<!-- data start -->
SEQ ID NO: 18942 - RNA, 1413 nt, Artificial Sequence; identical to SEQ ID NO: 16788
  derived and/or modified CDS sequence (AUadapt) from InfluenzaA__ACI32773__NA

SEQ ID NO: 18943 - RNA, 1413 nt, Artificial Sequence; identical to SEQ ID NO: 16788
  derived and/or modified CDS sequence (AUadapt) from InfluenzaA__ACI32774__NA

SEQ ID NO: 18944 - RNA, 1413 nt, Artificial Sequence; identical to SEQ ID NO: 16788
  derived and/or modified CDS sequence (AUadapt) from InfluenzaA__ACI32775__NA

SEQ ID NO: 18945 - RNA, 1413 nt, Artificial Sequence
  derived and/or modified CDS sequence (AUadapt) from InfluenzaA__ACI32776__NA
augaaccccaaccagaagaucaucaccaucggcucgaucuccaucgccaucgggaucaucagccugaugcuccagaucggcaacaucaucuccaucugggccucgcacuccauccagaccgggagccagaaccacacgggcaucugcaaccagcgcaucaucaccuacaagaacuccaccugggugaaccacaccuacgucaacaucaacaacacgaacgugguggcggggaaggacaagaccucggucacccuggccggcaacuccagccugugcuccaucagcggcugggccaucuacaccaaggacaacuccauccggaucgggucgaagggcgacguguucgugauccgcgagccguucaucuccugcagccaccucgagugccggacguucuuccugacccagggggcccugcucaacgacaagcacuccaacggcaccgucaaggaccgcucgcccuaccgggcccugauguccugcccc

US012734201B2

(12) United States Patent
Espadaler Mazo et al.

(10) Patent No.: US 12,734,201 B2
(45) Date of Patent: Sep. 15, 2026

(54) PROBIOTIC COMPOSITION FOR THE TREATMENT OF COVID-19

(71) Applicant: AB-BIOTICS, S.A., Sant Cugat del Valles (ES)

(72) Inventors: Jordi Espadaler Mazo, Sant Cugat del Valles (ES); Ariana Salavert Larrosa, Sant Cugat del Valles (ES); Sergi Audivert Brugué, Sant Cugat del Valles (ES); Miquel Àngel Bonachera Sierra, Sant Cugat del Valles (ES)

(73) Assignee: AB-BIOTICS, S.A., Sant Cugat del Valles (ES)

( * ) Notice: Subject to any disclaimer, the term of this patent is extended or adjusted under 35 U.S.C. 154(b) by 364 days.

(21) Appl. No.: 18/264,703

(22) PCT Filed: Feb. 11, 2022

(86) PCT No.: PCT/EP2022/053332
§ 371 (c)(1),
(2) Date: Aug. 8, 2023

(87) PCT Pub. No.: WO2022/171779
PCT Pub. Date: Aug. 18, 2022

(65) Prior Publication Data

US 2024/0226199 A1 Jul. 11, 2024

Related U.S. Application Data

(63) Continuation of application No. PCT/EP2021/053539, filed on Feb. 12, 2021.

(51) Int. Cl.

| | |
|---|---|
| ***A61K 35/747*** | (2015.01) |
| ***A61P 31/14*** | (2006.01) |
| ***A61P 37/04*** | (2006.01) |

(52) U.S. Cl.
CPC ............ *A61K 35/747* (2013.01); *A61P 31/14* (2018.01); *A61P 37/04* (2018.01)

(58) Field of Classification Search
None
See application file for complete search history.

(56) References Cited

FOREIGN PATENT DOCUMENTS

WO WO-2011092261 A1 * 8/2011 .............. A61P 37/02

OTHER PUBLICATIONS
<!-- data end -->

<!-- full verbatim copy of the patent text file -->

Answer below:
SEQ ID NO: 18942 - RNA, 1413 nt, Artificial Sequence; identical to SEQ ID NO: 16788
  derived and/or modified CDS sequence (AUadapt) from InfluenzaA__ACI32773__NA

SEQ ID NO: 18943 - RNA, 1413 nt, Artificial Sequence; identical to SEQ ID NO: 16788
  derived and/or modified CDS sequence (AUadapt) from InfluenzaA__ACI32774__NA

SEQ ID NO: 18944 - RNA, 1413 nt, Artificial Sequence; identical to SEQ ID NO: 16788
  derived and/or modified CDS sequence (AUadapt) from InfluenzaA__ACI32775__NA

SEQ ID NO: 18945 - RNA, 1413 nt, Artificial Sequence
  derived and/or modified CDS sequence (AUadapt) from InfluenzaA__ACI32776__NA
augaaccccaaccagaagaucaucaccaucggcucgaucuccaucgccaucgggaucaucagccugaugcuccagaucggcaacaucaucuccaucugggccucgcacuccauccagaccgggagccagaaccacacgggcaucugcaaccagcgcaucaucaccuacaagaacuccaccugggugaaccacaccuacgucaacaucaacaacacgaacgugguggcggggaaggacaagaccucggucacccuggccggcaacuccagccugugcuccaucagcggcugggccaucuacaccaaggacaacuccauccggaucgggucgaagggcgacguguucgugauccgcgagccguucaucuccugcagccaccucgagugccggacguucuuccugacccagggggcccugcucaacgacaagcacuccaacggcaccgucaaggaccgcucgcccuaccgggcccugauguccugcccc

US012734201B2

(12) United States Patent
Espadaler Mazo et al.

(10) Patent No.: US 12,734,201 B2
(45) Date of Patent: Sep. 15, 2026

(54) PROBIOTIC COMPOSITION FOR THE TREATMENT OF COVID-19

(71) Applicant: AB-BIOTICS, S.A., Sant Cugat del Valles (ES)

(72) Inventors: Jordi Espadaler Mazo, Sant Cugat del Valles (ES); Ariana Salavert Larrosa, Sant Cugat del Valles (ES); Sergi Audivert Brugué, Sant Cugat del Valles (ES); Miquel Àngel Bonachera Sierra, Sant Cugat del Valles (ES)

(73) Assignee: AB-BIOTICS, S.A., Sant Cugat del Valles (ES)

( * ) Notice: Subject to any disclaimer, the term of this patent is extended or adjusted under 35 U.S.C. 154(b) by 364 days.

(21) Appl. No.: 18/264,703

(22) PCT Filed: Feb. 11, 2022

(86) PCT No.: PCT/EP2022/053332
§ 371 (c)(1),
(2) Date: Aug. 8, 2023

(87) PCT Pub. No.: WO2022/171779
PCT Pub. Date: Aug. 18, 2022

(65) Prior Publication Data

US 2024/0226199 A1 Jul. 11, 2024

Related U.S. Application Data

(63) Continuation of application No. PCT/EP2021/053539, filed on Feb. 12, 2021.

(51) Int. Cl.

| | |
|---|---|
| ***A61K 35/747*** | (2015.01) |
| ***A61P 31/14*** | (2006.01) |
| ***A61P 37/04*** | (2006.01) |

(52) U.S. Cl.
CPC ............ *A61K 35/747* (2013.01); *A61P 31/14* (2018.01); *A61P 37/04* (2018.01)

(58) Field of Classification Search
None
See application file for complete search history.

(56) References Cited

FOREIGN PATENT DOCUMENTS

WO WO-2011092261 A1 * 8/2011 .............. A61P 37/02

OTHER PUBLICATIONS